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   ARTICLE   |   From Scotsman Guide Residential Edition   |   May 2013

Build Business Through Storytelling

Four types of stories can engender trust and attract more borrowers

Build Business Through Storytelling

For many, this is the age of social media, a time when consumers turn not to the television and newspaper for their information, but rather look to friends — real and virtual — in their online social circles. When they reach out to these trusted connections for information about products and services, they’re not only looking for facts, but they also want to hear the stories behind those products and services.

Although consumers may need facts to make good decisions, few people process raw facts effectively. Instead, they look for context and meaning in the way that facts are presented. They listen to the stories that their trusted agents tell them, and based on the way the stories are delivered, they assign meaning to the facts.

Today, borrowers use social media websites like Facebook and LinkedIn to share stories about products and services with other consumers in their networks, but it’s really not that different than a group of people sitting around a campfire and listening to the stories of their peers. The only difference seems to be that anyone with a story to tell is able to share that story with a potentially large audience.

The mortgage industry finally has begun to embrace social media, with many loan originators participating on Facebook, LinkedIn and other social media websites. To become truly trusted advisers to their networks, however, mortgage professionals must be skilled at sharing stories with their audiences. In this respect, there are four types of stories that are most effective in converting loan prospects into applicants — and ultimately into borrowers.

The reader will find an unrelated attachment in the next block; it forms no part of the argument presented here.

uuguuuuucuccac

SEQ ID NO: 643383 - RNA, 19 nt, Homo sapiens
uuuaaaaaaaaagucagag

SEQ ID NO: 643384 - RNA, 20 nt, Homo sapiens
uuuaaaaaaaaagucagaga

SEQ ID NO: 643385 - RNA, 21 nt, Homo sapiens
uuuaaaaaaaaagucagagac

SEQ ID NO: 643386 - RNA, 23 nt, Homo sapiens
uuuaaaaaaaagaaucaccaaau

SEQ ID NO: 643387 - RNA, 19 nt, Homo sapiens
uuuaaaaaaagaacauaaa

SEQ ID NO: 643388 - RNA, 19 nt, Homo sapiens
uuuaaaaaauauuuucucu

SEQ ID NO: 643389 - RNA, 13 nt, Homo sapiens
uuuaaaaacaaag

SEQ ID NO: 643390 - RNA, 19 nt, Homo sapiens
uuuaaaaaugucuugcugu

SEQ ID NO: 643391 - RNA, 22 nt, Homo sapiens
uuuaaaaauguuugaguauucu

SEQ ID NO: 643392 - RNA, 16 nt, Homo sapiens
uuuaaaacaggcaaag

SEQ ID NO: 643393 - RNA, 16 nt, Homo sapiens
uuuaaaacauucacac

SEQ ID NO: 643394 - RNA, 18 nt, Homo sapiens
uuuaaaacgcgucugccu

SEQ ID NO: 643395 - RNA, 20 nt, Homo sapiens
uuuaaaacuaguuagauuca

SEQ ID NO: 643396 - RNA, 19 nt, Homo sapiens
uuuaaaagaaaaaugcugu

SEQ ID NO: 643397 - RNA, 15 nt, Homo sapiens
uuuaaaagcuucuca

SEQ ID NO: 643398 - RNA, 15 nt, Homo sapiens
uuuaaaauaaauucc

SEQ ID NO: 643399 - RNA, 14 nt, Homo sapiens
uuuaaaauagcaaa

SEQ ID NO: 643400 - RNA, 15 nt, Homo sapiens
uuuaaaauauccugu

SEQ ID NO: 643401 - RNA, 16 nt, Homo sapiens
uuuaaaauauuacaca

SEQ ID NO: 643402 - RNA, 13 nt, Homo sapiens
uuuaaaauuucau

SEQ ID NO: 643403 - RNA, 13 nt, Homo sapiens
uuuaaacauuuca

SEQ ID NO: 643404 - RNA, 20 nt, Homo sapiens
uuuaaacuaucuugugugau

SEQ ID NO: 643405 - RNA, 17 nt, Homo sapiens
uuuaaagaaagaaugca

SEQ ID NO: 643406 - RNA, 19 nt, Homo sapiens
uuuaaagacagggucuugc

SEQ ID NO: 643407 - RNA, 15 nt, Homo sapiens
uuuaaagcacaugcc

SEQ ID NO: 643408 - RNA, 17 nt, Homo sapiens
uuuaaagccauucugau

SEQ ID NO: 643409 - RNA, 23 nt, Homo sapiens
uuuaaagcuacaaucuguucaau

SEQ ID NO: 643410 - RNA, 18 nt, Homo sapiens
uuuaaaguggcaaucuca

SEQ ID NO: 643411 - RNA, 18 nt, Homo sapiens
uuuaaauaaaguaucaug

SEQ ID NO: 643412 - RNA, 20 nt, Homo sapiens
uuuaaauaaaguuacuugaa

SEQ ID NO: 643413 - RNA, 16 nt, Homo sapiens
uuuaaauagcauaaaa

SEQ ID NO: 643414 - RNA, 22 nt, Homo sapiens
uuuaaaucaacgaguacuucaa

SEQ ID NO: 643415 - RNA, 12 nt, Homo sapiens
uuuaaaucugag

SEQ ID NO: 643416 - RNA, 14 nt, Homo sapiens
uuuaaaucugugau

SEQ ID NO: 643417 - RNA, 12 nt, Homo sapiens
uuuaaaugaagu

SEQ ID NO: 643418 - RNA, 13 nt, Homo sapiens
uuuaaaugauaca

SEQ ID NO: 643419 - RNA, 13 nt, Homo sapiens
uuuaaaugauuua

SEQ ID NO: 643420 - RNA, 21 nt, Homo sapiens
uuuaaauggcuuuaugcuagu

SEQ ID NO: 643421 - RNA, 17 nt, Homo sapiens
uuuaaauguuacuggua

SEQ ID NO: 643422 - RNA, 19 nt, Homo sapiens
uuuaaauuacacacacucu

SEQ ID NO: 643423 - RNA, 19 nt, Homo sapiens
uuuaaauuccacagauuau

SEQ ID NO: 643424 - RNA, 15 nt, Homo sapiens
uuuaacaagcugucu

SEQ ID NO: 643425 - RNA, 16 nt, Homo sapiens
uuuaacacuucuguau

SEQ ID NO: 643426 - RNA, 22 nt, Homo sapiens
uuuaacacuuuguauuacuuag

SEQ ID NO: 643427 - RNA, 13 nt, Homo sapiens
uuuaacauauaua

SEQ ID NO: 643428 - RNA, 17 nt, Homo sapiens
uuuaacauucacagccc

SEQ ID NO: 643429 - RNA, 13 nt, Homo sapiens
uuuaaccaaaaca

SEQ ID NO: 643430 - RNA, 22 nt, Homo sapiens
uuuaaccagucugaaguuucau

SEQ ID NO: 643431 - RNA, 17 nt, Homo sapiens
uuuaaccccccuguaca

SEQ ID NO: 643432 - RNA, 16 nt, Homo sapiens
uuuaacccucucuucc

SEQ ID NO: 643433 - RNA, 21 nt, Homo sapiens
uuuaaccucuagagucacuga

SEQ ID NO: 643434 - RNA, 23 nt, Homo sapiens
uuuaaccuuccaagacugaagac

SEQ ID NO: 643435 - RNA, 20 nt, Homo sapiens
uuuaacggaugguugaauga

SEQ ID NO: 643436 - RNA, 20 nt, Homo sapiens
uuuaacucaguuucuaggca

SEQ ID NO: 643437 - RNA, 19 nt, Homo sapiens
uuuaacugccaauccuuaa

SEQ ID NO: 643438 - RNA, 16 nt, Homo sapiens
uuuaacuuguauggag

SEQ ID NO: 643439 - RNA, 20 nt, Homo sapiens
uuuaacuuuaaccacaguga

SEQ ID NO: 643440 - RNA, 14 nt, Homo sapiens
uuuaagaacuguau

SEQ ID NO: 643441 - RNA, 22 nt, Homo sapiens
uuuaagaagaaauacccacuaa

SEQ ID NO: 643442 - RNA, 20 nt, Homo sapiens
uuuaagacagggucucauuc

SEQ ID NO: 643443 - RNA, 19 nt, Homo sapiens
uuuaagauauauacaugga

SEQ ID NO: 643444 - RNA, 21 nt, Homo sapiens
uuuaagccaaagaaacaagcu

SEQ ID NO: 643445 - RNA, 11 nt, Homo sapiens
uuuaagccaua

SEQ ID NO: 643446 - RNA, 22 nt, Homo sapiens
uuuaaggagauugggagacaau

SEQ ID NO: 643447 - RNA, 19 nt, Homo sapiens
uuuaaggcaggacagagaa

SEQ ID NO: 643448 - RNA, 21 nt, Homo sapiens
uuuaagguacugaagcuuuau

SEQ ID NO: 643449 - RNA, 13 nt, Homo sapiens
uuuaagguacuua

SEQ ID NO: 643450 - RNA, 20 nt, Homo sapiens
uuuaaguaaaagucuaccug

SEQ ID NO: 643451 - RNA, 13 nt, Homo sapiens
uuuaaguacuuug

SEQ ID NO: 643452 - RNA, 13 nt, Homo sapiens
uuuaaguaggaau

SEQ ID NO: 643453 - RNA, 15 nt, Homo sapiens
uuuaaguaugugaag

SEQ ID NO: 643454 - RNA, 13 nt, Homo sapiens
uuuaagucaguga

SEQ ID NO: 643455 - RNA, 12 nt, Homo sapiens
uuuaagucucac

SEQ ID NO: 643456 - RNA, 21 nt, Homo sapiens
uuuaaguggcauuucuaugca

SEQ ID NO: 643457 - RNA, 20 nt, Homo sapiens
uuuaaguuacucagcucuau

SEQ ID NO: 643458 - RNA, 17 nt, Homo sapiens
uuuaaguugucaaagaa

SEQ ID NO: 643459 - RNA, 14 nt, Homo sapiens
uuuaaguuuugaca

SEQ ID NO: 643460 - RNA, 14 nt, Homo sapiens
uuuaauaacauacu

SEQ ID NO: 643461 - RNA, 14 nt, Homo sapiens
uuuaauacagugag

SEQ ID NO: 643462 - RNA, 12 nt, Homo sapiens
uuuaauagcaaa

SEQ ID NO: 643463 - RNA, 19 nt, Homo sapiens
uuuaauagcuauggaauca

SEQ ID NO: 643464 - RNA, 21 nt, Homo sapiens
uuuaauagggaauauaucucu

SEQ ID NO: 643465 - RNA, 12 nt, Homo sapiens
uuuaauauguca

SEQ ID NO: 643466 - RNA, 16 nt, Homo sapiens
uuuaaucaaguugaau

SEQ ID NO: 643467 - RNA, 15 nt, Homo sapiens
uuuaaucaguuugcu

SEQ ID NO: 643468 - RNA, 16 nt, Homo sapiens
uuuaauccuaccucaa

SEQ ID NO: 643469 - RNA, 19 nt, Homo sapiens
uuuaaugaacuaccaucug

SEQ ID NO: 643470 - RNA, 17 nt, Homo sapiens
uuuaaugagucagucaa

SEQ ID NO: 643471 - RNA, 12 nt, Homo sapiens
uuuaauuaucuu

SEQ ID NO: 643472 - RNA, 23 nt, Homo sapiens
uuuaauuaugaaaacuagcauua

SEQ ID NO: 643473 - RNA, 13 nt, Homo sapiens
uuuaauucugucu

Who you are

A person’s background can have a big influence on the stories being told and the facts being delivered. Most people know it’s dangerous, for instance, to trust someone who has a vested interest in a certain outcome. The mortgage industry has been beaten repeatedly with that club recently, especially when it comes to issues like appraiser independence and loan-officer compensation. Won’t people who know you are a mortgage broker or loan originator question the information you provide?

You may be a mortgage professional, but you’re also likely a homeowner. Further, you’re certainly a business professional who has helped other borrowers through the homebuying process. You’re also a member of your community and probably a keen observer of the country’s financial health. In short, you are much more than just a loan originator out to close another deal.

The stories you tell about yourself will reinforce this. If every story you tell is about how great a mortgage originator you are, people will lose confidence in you as a trusted source. But if 75 percent or more of the stories you tell on social networks are about issues that are important to any homeowner or prospective homeowner in your community, you’ll be giving your network a reason to accept what you say, and even share it with their own extended networks.

What you do

If three-quarters of the stories you tell are about issues that don’t relate directly to your work, the other quarter should be about how your work impacts others. Part of the reason people participate in online social networks is to advance their careers, and certainly, there’s nothing wrong with that. Like anything else that comes up in conversation, however, the most engaging parts of stories always seem to have to do with the listener.